Leading with Empathy
Sullivan High School, located in Rogers Park, might be the most diverse high school in Chicago – as noted in this Chicago magazine article. About half of students are English language learners, many coming to Chicago as refugees and immigrants from all over the world. There are almost 50 languages spoken in Sullivan’s hallways. Over a quarter of students have special needs, and more than 90 percent of students qualify for free or reduced-price lunch.
When Chad Adams was hired as principal five years ago, he had his work cut out for him — the school had been on probation for over a decade, and less than 50 percent of students graduated. Thanks to Chad’s leadership, Sullivan has nearly doubled the graduation rate and has implemented programs that will allow students to be successful for years to come. “Theory of Change says that it takes five to seven years to achieve lasting outcomes,” said Chad. “My work here is just starting, I think.”
For Chad, being a leader begins and ends with empathy, and he understands the struggles that many of his students are going through. He grew up in Mississippi and was bussed into an all-black school, where he was one of a small handful of white students. Chad struggled academically, and after failing the fifth grade, was diagnosed as dyslexic and given an Individualized Education Program (IEP). “Failing a grade was a very traumatic experience for me, but it also propelled me to want to be a teacher because I saw teachers work so hard to get me to where I needed to be,” said Chad.
Rather than shying away from what challenged him, Chad went on to become an English and reading teacher at Farragut Career Academy, tackling the very subject that caused him to fail at the age of 12. “I wanted to take on the thing that had caused me the most frustration in life,” he said. Because of his success as a teacher, Chad was promoted to instructional coach at three Southside high schools. After receiving his master’s degree in school leadership and an attempt at starting a charter school, Chad became the assistant principal at Harper High School.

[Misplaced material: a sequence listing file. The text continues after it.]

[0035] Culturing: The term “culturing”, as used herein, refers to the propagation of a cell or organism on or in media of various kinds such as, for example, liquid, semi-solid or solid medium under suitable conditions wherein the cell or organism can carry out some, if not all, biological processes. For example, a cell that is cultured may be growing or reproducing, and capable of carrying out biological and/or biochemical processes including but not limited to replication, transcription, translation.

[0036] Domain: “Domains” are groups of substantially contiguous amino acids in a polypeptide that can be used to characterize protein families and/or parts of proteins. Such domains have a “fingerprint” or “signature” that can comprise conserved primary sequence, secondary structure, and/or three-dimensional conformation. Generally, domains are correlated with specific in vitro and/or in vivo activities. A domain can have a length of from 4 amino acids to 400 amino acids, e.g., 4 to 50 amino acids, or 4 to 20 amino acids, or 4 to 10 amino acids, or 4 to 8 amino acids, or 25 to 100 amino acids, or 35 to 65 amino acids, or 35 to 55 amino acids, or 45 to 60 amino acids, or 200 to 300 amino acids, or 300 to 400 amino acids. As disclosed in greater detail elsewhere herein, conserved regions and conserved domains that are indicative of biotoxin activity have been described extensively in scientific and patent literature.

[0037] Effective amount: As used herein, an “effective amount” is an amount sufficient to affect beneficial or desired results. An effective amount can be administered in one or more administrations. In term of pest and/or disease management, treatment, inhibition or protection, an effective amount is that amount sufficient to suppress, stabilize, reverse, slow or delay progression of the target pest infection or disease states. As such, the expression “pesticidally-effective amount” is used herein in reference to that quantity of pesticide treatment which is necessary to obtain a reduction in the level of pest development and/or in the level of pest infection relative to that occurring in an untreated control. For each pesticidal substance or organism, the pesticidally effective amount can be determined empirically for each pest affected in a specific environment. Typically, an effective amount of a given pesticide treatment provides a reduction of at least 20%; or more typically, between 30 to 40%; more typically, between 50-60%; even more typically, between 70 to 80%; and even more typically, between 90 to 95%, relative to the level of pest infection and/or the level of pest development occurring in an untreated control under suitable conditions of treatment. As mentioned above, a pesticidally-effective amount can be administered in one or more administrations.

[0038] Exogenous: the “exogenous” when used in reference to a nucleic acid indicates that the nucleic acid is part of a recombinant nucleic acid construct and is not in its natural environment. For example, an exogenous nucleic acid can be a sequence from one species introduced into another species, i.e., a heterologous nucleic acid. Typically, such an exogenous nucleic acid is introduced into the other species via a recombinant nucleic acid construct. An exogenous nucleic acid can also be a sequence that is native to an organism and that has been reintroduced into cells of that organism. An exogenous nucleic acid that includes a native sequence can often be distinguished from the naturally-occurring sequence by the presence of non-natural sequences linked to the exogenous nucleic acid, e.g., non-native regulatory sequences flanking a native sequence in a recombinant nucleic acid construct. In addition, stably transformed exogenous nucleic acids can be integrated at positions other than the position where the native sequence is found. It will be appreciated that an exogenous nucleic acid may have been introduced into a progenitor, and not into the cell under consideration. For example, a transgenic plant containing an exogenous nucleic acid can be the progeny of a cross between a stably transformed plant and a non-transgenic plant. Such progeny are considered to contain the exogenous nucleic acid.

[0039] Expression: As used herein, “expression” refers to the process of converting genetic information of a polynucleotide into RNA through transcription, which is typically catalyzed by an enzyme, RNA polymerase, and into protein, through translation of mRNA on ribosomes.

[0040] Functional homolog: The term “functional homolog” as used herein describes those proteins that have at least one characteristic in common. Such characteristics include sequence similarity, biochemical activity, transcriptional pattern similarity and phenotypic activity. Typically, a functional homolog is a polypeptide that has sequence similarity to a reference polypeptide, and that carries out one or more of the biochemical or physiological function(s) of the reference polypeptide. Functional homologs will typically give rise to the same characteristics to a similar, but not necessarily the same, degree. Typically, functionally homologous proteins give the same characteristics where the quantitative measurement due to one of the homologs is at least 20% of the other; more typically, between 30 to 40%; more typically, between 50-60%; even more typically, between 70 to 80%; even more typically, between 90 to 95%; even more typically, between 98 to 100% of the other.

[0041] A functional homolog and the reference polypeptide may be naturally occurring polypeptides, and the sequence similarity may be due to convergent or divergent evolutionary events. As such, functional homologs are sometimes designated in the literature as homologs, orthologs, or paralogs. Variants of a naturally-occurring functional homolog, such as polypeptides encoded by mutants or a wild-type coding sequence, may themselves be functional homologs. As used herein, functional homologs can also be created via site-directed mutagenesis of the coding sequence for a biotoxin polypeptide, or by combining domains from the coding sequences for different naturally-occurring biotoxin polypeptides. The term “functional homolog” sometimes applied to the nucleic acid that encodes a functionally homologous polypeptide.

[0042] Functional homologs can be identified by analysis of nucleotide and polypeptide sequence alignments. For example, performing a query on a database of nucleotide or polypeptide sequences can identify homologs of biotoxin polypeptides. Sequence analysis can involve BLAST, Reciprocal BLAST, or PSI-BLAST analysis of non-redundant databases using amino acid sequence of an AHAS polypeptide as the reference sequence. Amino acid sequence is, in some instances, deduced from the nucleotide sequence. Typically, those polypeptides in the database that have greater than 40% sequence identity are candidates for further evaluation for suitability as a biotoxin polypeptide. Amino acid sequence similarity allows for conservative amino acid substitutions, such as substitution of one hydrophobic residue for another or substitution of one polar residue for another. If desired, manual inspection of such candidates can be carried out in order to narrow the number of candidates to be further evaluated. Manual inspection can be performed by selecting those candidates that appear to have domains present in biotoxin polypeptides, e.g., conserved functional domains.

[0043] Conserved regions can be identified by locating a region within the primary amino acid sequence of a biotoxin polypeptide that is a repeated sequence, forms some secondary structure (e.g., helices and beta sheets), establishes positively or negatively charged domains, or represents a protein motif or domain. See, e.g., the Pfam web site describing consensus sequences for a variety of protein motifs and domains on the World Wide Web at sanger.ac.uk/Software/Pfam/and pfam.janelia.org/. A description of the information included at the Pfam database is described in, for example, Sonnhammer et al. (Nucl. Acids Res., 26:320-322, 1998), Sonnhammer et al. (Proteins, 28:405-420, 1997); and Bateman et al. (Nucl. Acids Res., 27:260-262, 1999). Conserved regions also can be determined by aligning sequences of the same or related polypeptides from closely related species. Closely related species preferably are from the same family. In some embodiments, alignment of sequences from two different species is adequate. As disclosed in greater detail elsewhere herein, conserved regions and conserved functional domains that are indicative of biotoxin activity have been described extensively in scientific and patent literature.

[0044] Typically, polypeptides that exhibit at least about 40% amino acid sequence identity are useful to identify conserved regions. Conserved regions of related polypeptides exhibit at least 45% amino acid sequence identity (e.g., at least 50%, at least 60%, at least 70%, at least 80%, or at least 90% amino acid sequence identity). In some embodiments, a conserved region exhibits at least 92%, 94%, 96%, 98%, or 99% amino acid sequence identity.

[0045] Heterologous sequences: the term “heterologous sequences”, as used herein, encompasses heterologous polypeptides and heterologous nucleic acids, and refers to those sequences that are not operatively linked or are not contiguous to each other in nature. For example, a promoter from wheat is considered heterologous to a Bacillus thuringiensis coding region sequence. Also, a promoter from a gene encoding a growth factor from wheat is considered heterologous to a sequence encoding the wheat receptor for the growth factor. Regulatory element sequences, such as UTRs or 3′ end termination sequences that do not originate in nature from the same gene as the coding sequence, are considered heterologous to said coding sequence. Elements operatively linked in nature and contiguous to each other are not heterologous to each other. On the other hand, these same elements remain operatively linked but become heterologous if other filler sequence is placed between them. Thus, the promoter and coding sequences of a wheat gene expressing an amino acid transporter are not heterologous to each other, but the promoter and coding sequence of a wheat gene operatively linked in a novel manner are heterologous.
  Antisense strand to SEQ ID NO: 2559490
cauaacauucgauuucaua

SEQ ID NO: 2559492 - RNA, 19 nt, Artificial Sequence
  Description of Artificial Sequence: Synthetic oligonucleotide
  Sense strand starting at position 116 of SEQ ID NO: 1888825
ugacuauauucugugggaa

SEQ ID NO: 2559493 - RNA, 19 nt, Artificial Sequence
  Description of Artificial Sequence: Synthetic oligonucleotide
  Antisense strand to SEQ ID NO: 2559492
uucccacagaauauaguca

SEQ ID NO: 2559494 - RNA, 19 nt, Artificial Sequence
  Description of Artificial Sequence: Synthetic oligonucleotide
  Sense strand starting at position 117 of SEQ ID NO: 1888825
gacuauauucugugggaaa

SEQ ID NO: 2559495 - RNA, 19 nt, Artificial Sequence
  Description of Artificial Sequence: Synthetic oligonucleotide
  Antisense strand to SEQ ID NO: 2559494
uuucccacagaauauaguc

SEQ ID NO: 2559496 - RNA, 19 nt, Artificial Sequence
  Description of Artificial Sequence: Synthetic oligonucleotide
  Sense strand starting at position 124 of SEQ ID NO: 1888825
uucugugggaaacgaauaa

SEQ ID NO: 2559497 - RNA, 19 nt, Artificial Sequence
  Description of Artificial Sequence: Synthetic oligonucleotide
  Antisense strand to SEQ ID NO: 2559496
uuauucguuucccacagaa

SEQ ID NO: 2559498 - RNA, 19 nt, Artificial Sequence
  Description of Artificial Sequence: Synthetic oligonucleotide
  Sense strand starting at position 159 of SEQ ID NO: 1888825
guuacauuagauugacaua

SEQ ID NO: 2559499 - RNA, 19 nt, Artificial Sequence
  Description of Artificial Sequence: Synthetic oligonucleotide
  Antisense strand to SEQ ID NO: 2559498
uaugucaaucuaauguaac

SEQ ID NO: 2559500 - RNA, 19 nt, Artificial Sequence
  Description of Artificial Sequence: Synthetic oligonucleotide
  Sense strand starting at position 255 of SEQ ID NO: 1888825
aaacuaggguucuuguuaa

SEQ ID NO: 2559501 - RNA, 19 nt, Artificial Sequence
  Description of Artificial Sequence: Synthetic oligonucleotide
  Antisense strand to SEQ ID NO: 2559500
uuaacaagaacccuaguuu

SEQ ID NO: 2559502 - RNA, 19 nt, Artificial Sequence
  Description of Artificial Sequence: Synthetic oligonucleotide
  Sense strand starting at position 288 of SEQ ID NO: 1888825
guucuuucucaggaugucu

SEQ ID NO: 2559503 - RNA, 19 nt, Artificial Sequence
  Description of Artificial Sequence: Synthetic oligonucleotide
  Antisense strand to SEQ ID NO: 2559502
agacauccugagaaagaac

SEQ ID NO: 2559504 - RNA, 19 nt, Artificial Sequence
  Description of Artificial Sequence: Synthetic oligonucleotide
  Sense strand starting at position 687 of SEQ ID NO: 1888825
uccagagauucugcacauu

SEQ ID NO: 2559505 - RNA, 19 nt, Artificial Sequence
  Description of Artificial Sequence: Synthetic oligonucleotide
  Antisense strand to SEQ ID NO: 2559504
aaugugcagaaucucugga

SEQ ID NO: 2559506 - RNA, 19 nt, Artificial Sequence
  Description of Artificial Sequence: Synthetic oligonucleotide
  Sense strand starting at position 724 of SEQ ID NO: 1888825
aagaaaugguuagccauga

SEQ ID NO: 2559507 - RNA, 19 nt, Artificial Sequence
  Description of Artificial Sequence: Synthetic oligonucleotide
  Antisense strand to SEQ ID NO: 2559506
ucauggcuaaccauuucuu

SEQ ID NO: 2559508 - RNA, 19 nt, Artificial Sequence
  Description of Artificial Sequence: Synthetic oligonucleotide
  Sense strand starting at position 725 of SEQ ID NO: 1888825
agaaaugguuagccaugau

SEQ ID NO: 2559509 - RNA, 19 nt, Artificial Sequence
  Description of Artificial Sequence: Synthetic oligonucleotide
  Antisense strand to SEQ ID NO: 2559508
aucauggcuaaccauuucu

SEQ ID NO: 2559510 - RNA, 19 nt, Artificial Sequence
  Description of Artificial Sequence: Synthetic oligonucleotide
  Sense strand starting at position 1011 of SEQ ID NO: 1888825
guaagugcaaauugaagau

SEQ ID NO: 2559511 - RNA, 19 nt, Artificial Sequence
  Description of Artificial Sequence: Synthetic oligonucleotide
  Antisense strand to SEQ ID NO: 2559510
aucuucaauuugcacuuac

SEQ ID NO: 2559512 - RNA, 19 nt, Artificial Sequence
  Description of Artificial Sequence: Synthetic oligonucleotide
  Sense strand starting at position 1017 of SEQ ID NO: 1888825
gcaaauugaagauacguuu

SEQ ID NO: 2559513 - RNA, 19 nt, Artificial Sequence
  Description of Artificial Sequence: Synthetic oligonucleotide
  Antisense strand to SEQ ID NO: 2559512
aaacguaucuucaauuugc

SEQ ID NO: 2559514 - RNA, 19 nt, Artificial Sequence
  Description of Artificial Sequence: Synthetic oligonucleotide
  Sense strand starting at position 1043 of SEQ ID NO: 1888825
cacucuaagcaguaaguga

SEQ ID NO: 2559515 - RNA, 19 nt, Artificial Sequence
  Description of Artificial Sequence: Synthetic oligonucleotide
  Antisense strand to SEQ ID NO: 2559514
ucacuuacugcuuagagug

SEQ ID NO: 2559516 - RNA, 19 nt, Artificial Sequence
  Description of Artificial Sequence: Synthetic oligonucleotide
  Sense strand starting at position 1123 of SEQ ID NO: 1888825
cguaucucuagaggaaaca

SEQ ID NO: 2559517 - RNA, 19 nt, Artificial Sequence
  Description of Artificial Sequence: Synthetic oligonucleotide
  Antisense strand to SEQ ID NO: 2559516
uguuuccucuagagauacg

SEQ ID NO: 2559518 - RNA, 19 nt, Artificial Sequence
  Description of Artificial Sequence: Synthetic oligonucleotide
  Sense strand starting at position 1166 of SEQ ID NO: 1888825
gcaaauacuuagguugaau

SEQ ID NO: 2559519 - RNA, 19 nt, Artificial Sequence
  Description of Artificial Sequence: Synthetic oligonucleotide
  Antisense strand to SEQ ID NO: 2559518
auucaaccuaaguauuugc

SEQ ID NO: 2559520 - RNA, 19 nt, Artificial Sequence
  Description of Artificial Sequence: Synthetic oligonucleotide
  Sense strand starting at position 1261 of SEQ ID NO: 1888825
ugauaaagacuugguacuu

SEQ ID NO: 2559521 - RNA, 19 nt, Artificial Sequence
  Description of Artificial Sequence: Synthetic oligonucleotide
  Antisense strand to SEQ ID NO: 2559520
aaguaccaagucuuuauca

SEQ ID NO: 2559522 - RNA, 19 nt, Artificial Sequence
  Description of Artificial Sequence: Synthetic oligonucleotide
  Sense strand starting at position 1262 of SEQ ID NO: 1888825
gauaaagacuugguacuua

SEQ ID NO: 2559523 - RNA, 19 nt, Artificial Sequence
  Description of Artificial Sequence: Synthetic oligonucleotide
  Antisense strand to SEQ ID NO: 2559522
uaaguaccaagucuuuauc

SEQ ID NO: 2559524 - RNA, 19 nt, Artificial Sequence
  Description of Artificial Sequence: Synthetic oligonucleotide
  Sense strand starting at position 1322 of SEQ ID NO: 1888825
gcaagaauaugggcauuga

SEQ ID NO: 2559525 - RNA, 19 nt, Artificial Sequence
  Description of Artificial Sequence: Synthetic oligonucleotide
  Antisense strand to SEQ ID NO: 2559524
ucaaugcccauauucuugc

Chad learned about the importance of trauma-informed practices at Harper. “Trauma affected my life, my work and my sanity so much,” he said. “It showed me what we needed to do for students. If you’re distracted by everything going on around you, what do you care about algebra? We need to help them at the school level so that they can get to learning.” Chad carried his passion with him when he became the principal of Sullivan in 2013, and it led him to proactively address his students’ emotional needs.
With this in mind, Sullivan partnered with Umoja Student Development Corporation to dismantle the in-school suspension room and replace it with a peace room, which can help solve conflict by offering a safe space for discussion. Recognizing that students need to feel that same support to address struggles in the classroom, Chad formed a behavioral health team to address students’ mental health and emotional needs, and allocated funds to hire a full-time social worker for English language learners. Five years before Chad took over, Sullivan suspended 700 students in a year. Last year, that number was about 50.
Chad knows what it feels like to struggle in school, and he uses that experience to make positive changes. Sullivan had been failing for over a decade, but in all of that time, the structure of learning never changed. “All of this to me goes back to our diversity and to empathy,” said Chad. “Our students weren’t learning through the ‘old school’ way of sit-and-get. We needed a different approach.”
Through research, teacher input, and participation in The Fund’s Summer Design Program, Chad began to see a plan crystallize. Sullivan would target critical-thinking skills that students lacked, and would do so through project-based and personalized learning. The ultimate vision is to create personalized learning plans for each student, almost like the IEP Chad had in school. In this new model, teachers work across grade levels to ensure a student’s learning plan is seamless from one grade to the next. “It’s exciting,” Chad said. “There’s a lot of work to do, but it’s our vision. It will be great for the students.”
Chad aims to raise Sullivan to a Level 1 rating in the next few years. While he has only just begun the school transformation, he believes Sullivan will be a place where diversity – whether race, language, learning needs or emotional needs – is honored and supported.